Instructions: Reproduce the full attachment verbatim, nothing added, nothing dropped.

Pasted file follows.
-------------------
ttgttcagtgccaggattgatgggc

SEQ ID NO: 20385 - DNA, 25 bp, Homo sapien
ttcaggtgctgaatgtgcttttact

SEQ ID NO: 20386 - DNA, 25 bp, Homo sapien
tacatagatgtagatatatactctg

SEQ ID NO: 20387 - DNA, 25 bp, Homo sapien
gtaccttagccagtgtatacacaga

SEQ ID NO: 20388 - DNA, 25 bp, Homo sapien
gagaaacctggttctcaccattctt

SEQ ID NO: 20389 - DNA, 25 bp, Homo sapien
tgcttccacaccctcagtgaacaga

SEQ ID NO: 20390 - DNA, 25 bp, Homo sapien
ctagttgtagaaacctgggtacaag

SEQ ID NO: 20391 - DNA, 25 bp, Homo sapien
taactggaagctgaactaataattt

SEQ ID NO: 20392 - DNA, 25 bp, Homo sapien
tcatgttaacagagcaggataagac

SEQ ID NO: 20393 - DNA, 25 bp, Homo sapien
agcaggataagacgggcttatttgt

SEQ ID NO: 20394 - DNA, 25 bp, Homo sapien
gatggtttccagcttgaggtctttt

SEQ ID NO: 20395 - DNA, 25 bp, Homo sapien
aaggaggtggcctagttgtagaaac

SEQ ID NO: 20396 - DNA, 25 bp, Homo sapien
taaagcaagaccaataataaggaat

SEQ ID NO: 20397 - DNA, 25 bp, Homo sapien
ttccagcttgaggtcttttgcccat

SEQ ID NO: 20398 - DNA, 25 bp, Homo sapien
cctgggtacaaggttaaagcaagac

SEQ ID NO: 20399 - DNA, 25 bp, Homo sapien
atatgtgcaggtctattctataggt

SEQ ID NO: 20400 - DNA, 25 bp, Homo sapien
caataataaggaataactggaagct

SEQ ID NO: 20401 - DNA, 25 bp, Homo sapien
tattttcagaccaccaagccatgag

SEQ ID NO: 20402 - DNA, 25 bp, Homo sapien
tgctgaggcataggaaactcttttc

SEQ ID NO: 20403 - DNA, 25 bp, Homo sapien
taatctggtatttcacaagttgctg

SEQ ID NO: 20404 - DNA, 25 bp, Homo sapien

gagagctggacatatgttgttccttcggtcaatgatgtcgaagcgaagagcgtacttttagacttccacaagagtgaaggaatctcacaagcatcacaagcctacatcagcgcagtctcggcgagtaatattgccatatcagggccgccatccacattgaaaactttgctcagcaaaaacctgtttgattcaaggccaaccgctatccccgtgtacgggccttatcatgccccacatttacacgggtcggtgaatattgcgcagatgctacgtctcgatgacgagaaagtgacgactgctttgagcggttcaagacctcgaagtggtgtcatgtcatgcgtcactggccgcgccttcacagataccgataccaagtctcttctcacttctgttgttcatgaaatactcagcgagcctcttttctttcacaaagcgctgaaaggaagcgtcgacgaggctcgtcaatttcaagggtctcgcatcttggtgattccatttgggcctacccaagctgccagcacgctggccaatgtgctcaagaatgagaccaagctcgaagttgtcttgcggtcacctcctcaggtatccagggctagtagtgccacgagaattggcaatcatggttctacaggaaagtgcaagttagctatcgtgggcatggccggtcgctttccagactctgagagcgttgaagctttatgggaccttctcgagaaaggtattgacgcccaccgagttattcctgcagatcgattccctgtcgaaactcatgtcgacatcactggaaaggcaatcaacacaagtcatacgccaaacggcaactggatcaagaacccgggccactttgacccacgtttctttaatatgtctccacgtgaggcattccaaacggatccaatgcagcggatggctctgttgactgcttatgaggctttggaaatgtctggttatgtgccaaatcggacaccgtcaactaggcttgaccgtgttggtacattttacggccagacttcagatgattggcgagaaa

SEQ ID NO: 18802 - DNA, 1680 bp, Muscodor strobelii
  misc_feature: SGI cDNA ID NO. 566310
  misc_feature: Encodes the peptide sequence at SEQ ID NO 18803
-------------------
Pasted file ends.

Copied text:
ttgttcagtgccaggattgatgggc

SEQ ID NO: 20385 - DNA, 25 bp, Homo sapien
ttcaggtgctgaatgtgcttttact

SEQ ID NO: 20386 - DNA, 25 bp, Homo sapien
tacatagatgtagatatatactctg

SEQ ID NO: 20387 - DNA, 25 bp, Homo sapien
gtaccttagccagtgtatacacaga

SEQ ID NO: 20388 - DNA, 25 bp, Homo sapien
gagaaacctggttctcaccattctt

SEQ ID NO: 20389 - DNA, 25 bp, Homo sapien
tgcttccacaccctcagtgaacaga

SEQ ID NO: 20390 - DNA, 25 bp, Homo sapien
ctagttgtagaaacctgggtacaag

SEQ ID NO: 20391 - DNA, 25 bp, Homo sapien
taactggaagctgaactaataattt

SEQ ID NO: 20392 - DNA, 25 bp, Homo sapien
tcatgttaacagagcaggataagac

SEQ ID NO: 20393 - DNA, 25 bp, Homo sapien
agcaggataagacgggcttatttgt

SEQ ID NO: 20394 - DNA, 25 bp, Homo sapien
gatggtttccagcttgaggtctttt

SEQ ID NO: 20395 - DNA, 25 bp, Homo sapien
aaggaggtggcctagttgtagaaac

SEQ ID NO: 20396 - DNA, 25 bp, Homo sapien
taaagcaagaccaataataaggaat

SEQ ID NO: 20397 - DNA, 25 bp, Homo sapien
ttccagcttgaggtcttttgcccat

SEQ ID NO: 20398 - DNA, 25 bp, Homo sapien
cctgggtacaaggttaaagcaagac

SEQ ID NO: 20399 - DNA, 25 bp, Homo sapien
atatgtgcaggtctattctataggt

SEQ ID NO: 20400 - DNA, 25 bp, Homo sapien
caataataaggaataactggaagct

SEQ ID NO: 20401 - DNA, 25 bp, Homo sapien
tattttcagaccaccaagccatgag

SEQ ID NO: 20402 - DNA, 25 bp, Homo sapien
tgctgaggcataggaaactcttttc

SEQ ID NO: 20403 - DNA, 25 bp, Homo sapien
taatctggtatttcacaagttgctg

SEQ ID NO: 20404 - DNA, 25 bp, Homo sapien

gagagctggacatatgttgttccttcggtcaatgatgtcgaagcgaagagcgtacttttagacttccacaagagtgaaggaatctcacaagcatcacaagcctacatcagcgcagtctcggcgagtaatattgccatatcagggccgccatccacattgaaaactttgctcagcaaaaacctgtttgattcaaggccaaccgctatccccgtgtacgggccttatcatgccccacatttacacgggtcggtgaatattgcgcagatgctacgtctcgatgacgagaaagtgacgactgctttgagcggttcaagacctcgaagtggtgtcatgtcatgcgtcactggccgcgccttcacagataccgataccaagtctcttctcacttctgttgttcatgaaatactcagcgagcctcttttctttcacaaagcgctgaaaggaagcgtcgacgaggctcgtcaatttcaagggtctcgcatcttggtgattccatttgggcctacccaagctgccagcacgctggccaatgtgctcaagaatgagaccaagctcgaagttgtcttgcggtcacctcctcaggtatccagggctagtagtgccacgagaattggcaatcatggttctacaggaaagtgcaagttagctatcgtgggcatggccggtcgctttccagactctgagagcgttgaagctttatgggaccttctcgagaaaggtattgacgcccaccgagttattcctgcagatcgattccctgtcgaaactcatgtcgacatcactggaaaggcaatcaacacaagtcatacgccaaacggcaactggatcaagaacccgggccactttgacccacgtttctttaatatgtctccacgtgaggcattccaaacggatccaatgcagcggatggctctgttgactgcttatgaggctttggaaatgtctggttatgtgccaaatcggacaccgtcaactaggcttgaccgtgttggtacattttacggccagacttcagatgattggcgagaaa

SEQ ID NO: 18802 - DNA, 1680 bp, Muscodor strobelii
  misc_feature: SGI cDNA ID NO. 566310
  misc_feature: Encodes the peptide sequence at SEQ ID NO 18803